USAID-Tarabot worked with the Ministry of Health to reform its public procurement practices to be in compliance with Ministry of Planning requirements and international best practices. This support included the development and adoption of standardized procurement processes, standard bidding documents, and procedures and mechanisms for procurement planning. While equipping ministry staff with this knowledge and these tools, Tarabot also worked alongside them to help design terms of reference and evaluate requests for proposals for three tenders: 1) the design of a 100-bed hospital in Baghdad, 2) the design of a 100-bed hospital in Najaf, and 3) the design and construction of a 300-bed hospital in Baghdad. The preparation of these tenders enabled ministry staff to apply standardized procurement practices on actual public works contracts. The tendering of these contracts is pending the passage of the Iraqi budget.
Tarabot developed a ministry procurement webpage for the issuing of tenders and helped the ministry subscribe to dgMarket, an international open access web portal for the announcement of tenders, enabling a wide range of firms to bid on public works contracts with the Ministry of Health. These tools will also enable the ministry to advertise contracts in a fair, transparent, and consistent manner.
Tarabot also assisted the ministry in completing its 2012, 2013, and 2014 procurement plans to guide the ministry’s procurement activities; and the drafting of a sustainability plan to ensure the anchoring of sound procurement reforms achieved with Tarabot.
Many countries in transition face the challenge of broadening the enabling environment to reform and stimulate economic growth and create jobs. Outdated and unnecessary laws and regulations impose efficiency costs on economic activity, while promoting corruption and reducing the government’s ability to deliver services. Tarabot worked to review legislation and regulations and made recommendations for their reform or elimination through an inclusive and transparent process built on extensive stakeholder input.
The Ministry of Health reviewed six business-related regulations that affect its ability to deliver services with the assistance of USAID-Tarabot’s Iraq Solution for Regulatory and Administrative Reform (ISRAR) initiative. Legislations reviewed include the “General Corporation Law of Health Insurance and Rural Health No. 211 of 1975” and the “General Law of Pharmaceuticals and Medical Supplies No. 9 for the year 1983.” In partnership with the Ministry of Health, Tarabot identified and reviewed outdated laws and regulations that impose efficiency costs on the ministry’s performance in providing health services to the Iraqi people, and set forth recommendations for their elimination or reform.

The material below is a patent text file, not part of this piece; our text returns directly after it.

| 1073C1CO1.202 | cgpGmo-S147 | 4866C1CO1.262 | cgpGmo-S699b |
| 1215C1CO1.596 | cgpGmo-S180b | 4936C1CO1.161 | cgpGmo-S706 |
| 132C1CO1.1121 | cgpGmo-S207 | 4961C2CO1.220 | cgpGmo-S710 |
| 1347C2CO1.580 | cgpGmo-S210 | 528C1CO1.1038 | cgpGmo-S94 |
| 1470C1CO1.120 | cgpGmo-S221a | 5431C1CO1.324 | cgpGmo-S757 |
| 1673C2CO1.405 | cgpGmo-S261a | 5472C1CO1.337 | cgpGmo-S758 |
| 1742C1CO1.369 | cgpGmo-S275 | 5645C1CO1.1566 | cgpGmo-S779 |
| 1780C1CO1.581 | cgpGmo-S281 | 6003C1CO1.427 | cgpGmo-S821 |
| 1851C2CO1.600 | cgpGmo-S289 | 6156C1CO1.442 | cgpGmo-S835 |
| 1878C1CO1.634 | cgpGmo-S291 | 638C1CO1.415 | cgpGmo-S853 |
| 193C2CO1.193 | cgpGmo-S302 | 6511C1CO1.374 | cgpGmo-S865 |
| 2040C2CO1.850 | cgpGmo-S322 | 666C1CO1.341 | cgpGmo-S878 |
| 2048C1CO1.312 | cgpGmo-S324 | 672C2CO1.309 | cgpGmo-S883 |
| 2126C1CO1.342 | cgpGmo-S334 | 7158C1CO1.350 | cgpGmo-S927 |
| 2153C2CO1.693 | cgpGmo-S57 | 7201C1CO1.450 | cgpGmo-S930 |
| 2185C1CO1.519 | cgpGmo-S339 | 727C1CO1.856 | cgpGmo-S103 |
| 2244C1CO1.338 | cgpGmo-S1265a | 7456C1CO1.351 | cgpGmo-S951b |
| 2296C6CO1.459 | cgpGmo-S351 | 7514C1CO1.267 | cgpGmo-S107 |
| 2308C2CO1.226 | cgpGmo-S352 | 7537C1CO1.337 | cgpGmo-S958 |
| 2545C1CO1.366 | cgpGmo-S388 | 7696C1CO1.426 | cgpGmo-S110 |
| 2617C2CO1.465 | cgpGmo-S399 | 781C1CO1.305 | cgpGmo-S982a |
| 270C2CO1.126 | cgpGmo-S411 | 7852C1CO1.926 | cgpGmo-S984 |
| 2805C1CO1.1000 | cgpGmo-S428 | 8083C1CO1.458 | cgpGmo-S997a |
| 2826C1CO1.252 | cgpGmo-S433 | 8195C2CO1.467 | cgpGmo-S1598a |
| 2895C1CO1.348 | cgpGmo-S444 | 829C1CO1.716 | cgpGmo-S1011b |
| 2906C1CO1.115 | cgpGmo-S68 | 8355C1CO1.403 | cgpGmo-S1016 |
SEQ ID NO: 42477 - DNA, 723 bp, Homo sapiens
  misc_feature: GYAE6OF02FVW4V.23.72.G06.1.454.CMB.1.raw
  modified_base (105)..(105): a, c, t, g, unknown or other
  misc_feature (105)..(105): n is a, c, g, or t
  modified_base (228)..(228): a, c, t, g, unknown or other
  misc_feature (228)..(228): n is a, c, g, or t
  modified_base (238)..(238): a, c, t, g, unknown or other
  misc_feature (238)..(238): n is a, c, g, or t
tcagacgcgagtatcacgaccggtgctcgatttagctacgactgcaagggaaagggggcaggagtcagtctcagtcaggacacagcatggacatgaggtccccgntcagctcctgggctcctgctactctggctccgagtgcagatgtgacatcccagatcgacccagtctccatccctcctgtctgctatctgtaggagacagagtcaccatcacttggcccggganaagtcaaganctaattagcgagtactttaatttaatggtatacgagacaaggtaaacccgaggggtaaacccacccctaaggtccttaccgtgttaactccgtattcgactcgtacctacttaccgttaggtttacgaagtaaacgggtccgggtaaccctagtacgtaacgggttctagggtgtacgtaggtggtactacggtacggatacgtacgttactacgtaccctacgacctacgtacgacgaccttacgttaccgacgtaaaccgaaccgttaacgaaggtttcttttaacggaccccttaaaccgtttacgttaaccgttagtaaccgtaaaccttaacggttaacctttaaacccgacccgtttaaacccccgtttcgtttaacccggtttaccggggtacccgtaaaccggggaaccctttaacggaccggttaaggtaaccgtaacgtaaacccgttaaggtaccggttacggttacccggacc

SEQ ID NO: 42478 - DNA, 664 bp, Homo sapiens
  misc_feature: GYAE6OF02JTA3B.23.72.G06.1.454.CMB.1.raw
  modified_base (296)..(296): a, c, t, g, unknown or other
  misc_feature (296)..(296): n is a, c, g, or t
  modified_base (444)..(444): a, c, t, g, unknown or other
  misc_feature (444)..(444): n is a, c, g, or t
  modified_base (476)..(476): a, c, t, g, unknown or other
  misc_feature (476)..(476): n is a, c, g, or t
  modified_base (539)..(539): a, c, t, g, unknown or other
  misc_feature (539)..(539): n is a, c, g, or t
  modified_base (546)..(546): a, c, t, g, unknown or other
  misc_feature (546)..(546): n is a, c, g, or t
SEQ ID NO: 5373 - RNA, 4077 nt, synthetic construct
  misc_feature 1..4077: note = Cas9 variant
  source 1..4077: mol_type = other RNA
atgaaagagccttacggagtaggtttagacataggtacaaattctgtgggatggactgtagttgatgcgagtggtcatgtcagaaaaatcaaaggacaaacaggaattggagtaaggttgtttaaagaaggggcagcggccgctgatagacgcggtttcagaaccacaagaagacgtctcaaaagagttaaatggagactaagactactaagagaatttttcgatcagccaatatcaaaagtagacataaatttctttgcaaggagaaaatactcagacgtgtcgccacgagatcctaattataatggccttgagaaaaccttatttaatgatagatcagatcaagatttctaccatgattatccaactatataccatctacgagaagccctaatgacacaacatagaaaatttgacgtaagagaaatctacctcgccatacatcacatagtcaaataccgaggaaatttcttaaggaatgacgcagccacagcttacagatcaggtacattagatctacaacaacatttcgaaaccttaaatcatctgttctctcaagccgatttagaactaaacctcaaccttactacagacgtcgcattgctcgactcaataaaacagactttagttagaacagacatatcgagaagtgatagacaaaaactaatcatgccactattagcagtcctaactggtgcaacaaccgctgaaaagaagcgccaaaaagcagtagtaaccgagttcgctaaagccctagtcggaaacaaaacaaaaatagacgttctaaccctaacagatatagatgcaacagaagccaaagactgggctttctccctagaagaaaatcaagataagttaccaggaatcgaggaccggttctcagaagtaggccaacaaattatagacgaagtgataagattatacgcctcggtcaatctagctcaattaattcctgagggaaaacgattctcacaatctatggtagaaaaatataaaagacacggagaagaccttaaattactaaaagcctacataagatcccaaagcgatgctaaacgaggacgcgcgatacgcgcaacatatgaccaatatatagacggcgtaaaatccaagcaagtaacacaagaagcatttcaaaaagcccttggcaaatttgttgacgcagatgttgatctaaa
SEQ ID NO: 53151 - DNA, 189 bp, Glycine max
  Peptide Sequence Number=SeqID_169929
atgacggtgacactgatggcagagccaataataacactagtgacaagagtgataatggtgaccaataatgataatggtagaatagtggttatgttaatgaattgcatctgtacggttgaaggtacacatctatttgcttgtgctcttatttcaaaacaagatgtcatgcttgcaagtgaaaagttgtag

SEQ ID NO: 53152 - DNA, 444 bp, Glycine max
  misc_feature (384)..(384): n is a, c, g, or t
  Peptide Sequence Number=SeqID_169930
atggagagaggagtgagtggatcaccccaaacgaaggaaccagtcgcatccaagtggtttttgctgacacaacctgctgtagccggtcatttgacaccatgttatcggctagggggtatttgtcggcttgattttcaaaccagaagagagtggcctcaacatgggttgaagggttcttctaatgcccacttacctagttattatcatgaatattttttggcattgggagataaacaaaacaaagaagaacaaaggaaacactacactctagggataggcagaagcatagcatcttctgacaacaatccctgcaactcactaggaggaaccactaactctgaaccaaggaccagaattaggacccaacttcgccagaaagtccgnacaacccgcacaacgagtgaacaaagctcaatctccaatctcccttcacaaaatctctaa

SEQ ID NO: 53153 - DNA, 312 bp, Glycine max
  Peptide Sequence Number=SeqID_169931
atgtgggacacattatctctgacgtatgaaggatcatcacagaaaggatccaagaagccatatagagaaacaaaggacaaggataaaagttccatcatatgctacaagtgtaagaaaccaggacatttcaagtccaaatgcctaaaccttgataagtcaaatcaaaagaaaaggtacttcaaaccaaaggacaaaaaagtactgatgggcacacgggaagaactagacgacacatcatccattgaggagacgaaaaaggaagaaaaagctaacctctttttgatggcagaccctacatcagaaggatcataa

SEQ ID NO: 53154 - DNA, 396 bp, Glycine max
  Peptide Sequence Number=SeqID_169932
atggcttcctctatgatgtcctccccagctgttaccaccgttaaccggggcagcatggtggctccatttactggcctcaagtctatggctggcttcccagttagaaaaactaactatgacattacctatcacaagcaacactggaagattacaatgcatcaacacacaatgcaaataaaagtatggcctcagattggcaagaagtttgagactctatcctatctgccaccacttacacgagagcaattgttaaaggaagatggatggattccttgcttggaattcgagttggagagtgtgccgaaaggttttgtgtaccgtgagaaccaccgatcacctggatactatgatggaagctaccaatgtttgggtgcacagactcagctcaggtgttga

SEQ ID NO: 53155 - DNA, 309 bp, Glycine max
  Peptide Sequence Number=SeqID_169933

Center of Excellence
The Iraq Center for Excellence in Government (ICEG), formed under COMSEC, is the culmination of years of effort by USAID-Tarabot and its predecessor, Tatweer, to improve the performance of Iraqi government entities. It is a public entity that encourages leadership and innovation in service delivery by providing frameworks and guidelines for organizational management and institutional capacity development through the application of the Excellence model, which consists of seven criteria in the areas of leadership, people, knowledge, strategy, resources, processes, and results. The Excellence model provides a holistic view of an entity and how these elements relate to one another to affect organizational performance and results achieved.
With the assistance of USAID-Tarabot, assessments were made of all capacity development initiatives accomplished with the Ministry of Health’s Imamein Al Kadimayah Hospital in the areas of quality management and organizational development to support their adoption of the Excellence model. Ongoing technical support was provided in the documentation and review of organizational processes to implement short term, high impact plans in service delivery along established Excellence guidelines. Tarabot recommended two services–patient reception and consultancy in the surgical department, and patient reception in the surgical operation room–for process reengineering to enable efficiency in receiving and assisting patients. To enable ministry staff to identify opportunities and gaps in organizational development and service delivery, Tarabot trained 53 staff members on the application of the Excellence model.
In February 2014, the ministry used $39,000 of its cost share funds to send its Excellence unit to the King Abdullah Excellence Center in Jordan for a ten-day study tour to learn about Center of Excellence processes and mechanisms. With this knowledge, the ministry is better positioned to reengineer its internal work processes for greater efficiency and functionality, and to implement core ICEG components that will facilitate improved service delivery.